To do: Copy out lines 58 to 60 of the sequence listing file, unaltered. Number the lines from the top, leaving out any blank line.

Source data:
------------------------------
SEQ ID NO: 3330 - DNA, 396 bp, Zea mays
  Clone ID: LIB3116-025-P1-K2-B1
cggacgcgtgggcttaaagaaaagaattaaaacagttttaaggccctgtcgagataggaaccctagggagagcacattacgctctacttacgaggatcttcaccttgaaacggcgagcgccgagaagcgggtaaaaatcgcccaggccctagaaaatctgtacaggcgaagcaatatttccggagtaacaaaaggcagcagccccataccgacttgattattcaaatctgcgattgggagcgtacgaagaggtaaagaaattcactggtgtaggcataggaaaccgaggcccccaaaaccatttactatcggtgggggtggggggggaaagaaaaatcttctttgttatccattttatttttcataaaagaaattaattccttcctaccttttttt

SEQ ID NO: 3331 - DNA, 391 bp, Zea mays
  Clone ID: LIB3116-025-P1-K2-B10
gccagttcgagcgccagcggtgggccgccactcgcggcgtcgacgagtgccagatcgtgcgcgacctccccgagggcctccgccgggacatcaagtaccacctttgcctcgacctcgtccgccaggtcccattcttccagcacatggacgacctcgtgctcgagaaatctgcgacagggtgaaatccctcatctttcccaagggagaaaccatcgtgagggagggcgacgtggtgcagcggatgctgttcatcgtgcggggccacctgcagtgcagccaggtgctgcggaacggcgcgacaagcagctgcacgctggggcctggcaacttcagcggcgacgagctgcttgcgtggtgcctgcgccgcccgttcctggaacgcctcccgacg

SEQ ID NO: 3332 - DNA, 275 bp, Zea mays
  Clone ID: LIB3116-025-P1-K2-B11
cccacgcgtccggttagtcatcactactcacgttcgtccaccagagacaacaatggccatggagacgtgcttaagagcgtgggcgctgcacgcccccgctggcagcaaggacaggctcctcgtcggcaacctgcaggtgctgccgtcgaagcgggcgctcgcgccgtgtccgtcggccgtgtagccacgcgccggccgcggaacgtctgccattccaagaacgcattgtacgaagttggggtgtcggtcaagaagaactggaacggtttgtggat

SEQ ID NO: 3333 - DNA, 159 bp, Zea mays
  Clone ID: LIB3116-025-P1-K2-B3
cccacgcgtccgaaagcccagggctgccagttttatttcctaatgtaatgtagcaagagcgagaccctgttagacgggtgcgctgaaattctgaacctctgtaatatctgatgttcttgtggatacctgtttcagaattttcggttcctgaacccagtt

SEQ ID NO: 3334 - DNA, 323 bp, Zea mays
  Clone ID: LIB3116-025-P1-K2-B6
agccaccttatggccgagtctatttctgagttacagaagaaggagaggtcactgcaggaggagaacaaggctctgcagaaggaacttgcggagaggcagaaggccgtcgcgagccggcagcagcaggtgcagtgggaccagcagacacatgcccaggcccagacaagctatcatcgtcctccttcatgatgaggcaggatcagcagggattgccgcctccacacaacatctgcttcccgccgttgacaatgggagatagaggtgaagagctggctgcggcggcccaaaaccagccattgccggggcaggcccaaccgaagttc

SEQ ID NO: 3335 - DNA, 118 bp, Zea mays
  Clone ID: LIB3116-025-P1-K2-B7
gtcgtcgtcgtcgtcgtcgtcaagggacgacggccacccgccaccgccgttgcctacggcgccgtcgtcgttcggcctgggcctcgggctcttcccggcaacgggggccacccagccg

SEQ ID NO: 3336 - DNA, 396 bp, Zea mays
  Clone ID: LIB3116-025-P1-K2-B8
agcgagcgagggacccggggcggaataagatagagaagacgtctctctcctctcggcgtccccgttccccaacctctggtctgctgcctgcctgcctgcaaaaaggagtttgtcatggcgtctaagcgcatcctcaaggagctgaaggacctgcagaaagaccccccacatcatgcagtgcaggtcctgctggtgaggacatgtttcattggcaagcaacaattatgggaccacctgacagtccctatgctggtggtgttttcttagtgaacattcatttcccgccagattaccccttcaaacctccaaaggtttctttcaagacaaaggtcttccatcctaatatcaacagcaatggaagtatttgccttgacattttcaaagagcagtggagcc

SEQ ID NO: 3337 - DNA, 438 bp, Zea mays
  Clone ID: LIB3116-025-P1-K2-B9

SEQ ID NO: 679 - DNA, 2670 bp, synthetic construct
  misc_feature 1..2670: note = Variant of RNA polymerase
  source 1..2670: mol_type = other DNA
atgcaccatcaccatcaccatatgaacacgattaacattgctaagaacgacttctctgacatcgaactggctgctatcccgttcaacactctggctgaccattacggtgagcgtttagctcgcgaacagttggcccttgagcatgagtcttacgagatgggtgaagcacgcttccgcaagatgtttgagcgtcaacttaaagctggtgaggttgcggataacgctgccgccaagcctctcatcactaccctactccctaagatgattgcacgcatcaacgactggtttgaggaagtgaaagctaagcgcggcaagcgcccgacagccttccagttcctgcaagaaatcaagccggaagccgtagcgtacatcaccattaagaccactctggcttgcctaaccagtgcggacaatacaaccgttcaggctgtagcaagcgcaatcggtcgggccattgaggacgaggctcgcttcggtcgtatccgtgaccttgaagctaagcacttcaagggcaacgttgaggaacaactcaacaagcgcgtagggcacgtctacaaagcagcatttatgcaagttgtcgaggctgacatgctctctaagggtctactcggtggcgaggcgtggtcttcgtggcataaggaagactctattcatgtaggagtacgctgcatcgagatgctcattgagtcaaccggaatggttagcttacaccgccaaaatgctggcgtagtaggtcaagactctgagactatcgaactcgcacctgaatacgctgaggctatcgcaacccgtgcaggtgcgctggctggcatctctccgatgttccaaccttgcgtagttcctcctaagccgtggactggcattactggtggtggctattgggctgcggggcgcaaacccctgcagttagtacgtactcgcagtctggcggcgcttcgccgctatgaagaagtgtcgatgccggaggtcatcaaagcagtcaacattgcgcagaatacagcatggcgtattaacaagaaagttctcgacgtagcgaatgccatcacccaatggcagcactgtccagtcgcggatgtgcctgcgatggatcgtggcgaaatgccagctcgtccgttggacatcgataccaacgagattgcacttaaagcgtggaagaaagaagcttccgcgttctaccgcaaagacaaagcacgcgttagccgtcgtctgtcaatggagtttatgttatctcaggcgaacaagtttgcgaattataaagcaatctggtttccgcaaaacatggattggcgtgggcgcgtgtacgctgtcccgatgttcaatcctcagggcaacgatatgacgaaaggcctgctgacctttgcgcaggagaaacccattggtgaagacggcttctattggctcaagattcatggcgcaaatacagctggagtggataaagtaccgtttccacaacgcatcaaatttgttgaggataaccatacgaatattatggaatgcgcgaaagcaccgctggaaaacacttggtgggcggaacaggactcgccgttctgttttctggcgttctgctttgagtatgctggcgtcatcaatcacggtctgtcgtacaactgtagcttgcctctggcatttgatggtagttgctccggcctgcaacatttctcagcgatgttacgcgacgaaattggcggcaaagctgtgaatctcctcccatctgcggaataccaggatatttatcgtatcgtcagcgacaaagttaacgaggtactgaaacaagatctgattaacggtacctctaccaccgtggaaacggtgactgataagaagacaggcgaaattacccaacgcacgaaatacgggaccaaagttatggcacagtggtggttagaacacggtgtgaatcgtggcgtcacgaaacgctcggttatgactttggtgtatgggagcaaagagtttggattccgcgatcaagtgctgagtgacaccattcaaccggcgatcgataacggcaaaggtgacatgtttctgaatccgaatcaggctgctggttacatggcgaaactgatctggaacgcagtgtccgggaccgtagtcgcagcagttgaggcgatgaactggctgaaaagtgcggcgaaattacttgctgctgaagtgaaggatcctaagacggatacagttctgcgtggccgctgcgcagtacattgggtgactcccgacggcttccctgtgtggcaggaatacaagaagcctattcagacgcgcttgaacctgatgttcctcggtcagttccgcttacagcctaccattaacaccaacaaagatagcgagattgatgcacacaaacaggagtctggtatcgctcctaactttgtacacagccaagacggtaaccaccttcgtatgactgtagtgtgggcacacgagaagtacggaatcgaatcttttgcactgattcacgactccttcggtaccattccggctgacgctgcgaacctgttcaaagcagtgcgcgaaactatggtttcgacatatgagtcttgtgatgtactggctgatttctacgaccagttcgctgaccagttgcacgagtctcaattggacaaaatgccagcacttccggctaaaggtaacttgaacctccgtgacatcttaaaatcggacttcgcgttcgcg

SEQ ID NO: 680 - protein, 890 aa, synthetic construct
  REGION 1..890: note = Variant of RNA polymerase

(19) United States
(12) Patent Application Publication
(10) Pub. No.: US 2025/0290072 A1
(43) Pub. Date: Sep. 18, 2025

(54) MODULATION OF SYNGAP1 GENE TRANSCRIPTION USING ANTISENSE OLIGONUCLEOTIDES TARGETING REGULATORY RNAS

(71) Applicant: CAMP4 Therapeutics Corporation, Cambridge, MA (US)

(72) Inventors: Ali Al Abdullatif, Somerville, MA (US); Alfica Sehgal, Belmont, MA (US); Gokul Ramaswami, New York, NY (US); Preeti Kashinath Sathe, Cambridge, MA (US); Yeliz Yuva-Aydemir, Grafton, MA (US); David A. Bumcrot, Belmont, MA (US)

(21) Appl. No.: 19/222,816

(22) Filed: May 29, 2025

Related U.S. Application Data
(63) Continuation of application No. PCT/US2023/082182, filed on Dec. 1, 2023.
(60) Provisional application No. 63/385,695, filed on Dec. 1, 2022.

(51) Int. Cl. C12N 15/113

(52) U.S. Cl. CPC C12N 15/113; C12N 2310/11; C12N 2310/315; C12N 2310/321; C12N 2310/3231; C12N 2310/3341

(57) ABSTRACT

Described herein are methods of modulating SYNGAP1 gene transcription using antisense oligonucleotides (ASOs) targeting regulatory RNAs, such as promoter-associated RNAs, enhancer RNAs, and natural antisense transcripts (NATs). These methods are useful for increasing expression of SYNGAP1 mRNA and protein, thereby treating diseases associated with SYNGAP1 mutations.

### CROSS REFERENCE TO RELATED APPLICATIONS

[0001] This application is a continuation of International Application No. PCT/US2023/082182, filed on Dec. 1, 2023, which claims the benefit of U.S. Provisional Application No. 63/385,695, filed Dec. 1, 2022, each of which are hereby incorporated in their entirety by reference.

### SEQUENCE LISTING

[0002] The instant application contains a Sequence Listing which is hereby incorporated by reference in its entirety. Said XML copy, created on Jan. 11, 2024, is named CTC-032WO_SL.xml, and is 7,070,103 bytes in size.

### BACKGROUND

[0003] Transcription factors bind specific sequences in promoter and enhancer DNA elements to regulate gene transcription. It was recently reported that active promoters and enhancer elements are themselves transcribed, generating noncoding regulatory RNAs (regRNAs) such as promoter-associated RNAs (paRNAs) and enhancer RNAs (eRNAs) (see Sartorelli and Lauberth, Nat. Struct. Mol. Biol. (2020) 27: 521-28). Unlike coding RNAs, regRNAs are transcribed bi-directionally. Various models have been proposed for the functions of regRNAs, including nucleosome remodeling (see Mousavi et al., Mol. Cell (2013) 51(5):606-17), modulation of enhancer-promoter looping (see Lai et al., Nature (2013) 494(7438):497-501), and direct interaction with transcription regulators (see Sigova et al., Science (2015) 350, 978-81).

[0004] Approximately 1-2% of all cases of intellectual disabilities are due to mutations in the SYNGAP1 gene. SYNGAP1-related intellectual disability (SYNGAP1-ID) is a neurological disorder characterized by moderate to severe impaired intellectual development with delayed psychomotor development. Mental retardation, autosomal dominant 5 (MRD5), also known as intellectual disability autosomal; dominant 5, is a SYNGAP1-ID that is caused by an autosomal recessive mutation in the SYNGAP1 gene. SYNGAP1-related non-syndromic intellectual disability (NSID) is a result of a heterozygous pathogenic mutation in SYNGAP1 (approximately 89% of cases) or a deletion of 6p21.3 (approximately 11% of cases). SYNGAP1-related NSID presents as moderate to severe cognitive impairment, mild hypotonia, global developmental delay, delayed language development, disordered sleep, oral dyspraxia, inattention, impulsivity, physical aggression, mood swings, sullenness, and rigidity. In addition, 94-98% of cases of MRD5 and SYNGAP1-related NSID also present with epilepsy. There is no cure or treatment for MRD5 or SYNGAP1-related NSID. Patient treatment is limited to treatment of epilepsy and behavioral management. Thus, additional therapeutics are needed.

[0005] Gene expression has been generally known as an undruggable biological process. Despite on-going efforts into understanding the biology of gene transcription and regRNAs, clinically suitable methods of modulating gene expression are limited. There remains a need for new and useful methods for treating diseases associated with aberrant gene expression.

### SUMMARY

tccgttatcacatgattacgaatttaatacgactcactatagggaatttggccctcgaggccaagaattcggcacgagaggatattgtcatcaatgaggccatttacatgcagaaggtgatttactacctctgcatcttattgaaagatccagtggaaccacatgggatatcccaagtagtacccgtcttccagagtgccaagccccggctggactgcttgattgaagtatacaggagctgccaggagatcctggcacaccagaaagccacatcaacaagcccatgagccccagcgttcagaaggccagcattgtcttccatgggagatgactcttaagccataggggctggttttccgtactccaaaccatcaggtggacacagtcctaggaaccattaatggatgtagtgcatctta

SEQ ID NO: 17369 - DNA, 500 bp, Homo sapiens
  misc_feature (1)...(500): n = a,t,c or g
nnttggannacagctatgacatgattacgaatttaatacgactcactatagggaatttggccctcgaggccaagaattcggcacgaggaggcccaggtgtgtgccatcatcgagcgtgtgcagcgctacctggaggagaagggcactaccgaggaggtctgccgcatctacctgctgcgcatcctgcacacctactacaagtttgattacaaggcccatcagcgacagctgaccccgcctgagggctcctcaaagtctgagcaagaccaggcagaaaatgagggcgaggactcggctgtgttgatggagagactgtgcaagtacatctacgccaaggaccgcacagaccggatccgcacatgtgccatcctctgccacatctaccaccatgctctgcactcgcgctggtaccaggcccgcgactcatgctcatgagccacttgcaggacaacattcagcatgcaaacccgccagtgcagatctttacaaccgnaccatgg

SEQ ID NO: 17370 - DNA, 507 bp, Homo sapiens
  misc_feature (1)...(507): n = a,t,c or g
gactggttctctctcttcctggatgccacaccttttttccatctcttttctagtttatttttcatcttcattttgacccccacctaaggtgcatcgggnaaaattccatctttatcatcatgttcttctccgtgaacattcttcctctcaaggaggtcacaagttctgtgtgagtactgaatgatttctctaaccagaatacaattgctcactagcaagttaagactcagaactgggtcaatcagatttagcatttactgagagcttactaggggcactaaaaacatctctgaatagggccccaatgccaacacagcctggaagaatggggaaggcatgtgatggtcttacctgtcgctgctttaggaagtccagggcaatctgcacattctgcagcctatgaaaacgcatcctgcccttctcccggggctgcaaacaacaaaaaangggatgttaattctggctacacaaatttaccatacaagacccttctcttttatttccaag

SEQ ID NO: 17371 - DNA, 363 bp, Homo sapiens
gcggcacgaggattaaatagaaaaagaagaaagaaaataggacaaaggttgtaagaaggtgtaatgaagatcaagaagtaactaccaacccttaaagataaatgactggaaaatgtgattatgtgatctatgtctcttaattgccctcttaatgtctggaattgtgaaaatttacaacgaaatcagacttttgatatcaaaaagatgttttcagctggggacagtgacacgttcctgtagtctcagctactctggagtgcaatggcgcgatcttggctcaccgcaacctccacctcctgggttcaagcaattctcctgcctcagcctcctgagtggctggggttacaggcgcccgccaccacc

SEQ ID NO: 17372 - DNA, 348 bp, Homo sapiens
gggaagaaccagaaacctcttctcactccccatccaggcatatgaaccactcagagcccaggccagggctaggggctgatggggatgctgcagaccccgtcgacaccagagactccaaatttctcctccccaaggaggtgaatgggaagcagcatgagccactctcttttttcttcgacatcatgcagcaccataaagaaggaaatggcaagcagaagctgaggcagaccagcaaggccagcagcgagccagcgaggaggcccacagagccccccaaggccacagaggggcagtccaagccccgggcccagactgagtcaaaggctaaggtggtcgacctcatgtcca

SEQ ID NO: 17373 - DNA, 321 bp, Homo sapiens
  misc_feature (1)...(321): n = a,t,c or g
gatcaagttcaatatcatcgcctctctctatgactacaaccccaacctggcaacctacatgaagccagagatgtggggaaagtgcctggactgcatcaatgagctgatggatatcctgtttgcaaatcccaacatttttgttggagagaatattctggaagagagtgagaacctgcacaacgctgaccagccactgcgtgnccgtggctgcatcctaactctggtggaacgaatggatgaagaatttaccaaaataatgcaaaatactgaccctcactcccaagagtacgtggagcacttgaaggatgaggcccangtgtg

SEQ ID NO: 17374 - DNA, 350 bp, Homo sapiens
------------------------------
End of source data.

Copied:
nnttggannacagctatgacatgattacgaatttaatacgactcactatagggaatttggccctcgaggccaagaattcggcacgaggaggcccaggtgtgtgccatcatcgagcgtgtgcagcgctacctggaggagaagggcactaccgaggaggtctgccgcatctacctgctgcgcatcctgcacacctactacaagtttgattacaaggcccatcagcgacagctgaccccgcctgagggctcctcaaagtctgagcaagaccaggcagaaaatgagggcgaggactcggctgtgttgatggagagactgtgcaagtacatctacgccaaggaccgcacagaccggatccgcacatgtgccatcctctgccacatctaccaccatgctctgcactcgcgctggtaccaggcccgcgactcatgctcatgagccacttgcaggacaacattcagcatgcaaacccgccagtgcagatctttacaaccgnaccatgg

SEQ ID NO: 17370 - DNA, 507 bp, Homo sapiens
  misc_feature (1)...(507): n = a,t,c or g